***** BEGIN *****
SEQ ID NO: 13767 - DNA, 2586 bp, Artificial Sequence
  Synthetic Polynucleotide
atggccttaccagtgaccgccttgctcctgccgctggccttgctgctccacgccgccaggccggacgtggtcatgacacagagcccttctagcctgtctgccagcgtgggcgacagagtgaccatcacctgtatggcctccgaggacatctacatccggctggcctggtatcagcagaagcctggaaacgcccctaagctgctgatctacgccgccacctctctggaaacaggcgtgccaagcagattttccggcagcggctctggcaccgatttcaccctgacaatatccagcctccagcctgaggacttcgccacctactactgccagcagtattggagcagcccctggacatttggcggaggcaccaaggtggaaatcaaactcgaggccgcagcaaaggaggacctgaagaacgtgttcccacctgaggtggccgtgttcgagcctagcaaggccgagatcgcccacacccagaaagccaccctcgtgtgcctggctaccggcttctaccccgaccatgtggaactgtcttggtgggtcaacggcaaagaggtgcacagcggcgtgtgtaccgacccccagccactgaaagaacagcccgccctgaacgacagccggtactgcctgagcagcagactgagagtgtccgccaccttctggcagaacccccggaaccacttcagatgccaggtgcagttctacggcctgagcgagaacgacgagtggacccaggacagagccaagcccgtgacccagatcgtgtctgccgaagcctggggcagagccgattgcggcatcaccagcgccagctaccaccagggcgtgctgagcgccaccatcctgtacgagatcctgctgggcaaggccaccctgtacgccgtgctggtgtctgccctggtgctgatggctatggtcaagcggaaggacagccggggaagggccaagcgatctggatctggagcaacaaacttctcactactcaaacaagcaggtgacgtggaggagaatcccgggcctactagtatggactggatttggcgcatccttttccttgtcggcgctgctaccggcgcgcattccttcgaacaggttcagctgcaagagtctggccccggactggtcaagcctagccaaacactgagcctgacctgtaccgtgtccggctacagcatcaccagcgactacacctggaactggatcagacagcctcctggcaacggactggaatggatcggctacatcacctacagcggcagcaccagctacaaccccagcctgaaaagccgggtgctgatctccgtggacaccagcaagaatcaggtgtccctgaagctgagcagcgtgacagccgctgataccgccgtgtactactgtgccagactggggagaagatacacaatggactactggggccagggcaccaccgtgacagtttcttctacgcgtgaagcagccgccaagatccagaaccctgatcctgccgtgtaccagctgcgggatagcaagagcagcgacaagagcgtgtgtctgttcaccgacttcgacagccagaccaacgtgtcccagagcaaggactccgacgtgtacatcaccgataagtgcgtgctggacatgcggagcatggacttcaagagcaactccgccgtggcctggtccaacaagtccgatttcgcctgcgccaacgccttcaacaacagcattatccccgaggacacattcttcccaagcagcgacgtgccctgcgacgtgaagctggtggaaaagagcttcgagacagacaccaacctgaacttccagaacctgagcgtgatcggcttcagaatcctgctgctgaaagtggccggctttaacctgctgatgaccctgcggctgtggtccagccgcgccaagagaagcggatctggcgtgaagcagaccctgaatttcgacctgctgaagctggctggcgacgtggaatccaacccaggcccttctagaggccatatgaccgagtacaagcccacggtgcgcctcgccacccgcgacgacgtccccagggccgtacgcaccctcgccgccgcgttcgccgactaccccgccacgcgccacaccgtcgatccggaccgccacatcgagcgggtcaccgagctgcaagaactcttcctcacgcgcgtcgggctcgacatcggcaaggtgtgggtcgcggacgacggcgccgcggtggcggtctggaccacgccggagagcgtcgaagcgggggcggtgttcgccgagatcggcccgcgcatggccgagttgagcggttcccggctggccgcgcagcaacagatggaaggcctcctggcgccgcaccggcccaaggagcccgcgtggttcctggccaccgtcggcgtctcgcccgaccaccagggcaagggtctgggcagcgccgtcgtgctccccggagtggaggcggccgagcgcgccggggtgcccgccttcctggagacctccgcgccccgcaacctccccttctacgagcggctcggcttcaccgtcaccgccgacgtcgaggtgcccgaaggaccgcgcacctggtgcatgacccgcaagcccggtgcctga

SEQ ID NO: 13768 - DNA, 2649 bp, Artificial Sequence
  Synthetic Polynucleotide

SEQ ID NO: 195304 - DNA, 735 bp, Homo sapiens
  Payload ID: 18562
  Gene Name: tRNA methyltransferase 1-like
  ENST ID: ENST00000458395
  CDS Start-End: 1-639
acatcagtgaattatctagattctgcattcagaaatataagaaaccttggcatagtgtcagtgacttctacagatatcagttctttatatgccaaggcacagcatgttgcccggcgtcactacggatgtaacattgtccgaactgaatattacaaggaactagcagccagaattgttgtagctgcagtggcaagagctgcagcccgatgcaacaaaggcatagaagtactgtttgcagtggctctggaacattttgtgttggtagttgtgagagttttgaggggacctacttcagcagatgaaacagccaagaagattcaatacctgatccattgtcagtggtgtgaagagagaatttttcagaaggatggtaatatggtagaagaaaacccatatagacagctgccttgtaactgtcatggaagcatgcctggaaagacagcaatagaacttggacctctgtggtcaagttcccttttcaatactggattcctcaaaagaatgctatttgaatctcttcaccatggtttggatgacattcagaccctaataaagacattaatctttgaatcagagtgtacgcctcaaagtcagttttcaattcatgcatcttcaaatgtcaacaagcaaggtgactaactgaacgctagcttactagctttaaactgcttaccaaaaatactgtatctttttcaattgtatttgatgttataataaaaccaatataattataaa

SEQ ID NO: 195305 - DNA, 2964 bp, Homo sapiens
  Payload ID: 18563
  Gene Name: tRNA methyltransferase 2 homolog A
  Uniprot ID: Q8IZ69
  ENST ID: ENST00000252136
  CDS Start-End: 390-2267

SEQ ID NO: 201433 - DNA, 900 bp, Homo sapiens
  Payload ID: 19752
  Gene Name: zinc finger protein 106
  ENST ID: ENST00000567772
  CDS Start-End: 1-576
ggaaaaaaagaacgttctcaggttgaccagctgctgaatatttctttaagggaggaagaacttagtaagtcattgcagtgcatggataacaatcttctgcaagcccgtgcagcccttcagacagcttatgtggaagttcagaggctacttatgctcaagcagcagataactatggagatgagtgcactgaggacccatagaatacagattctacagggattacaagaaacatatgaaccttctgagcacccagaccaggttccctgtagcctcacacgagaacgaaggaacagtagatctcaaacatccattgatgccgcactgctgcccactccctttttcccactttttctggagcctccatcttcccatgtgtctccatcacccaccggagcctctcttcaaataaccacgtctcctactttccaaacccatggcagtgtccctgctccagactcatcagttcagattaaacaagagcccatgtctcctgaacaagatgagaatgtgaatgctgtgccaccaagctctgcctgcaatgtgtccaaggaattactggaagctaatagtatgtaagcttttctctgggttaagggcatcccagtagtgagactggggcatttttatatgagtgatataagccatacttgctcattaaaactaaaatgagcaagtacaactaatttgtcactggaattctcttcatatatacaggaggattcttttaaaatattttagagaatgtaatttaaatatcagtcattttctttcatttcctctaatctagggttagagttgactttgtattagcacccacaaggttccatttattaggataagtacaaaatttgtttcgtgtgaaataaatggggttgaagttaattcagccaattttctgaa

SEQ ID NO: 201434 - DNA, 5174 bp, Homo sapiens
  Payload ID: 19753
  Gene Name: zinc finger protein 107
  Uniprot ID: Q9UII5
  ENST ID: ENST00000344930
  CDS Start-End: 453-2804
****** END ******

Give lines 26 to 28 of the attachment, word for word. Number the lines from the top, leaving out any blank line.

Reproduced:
  Gene Name: zinc finger protein 107
  Uniprot ID: Q9UII5
  ENST ID: ENST00000344930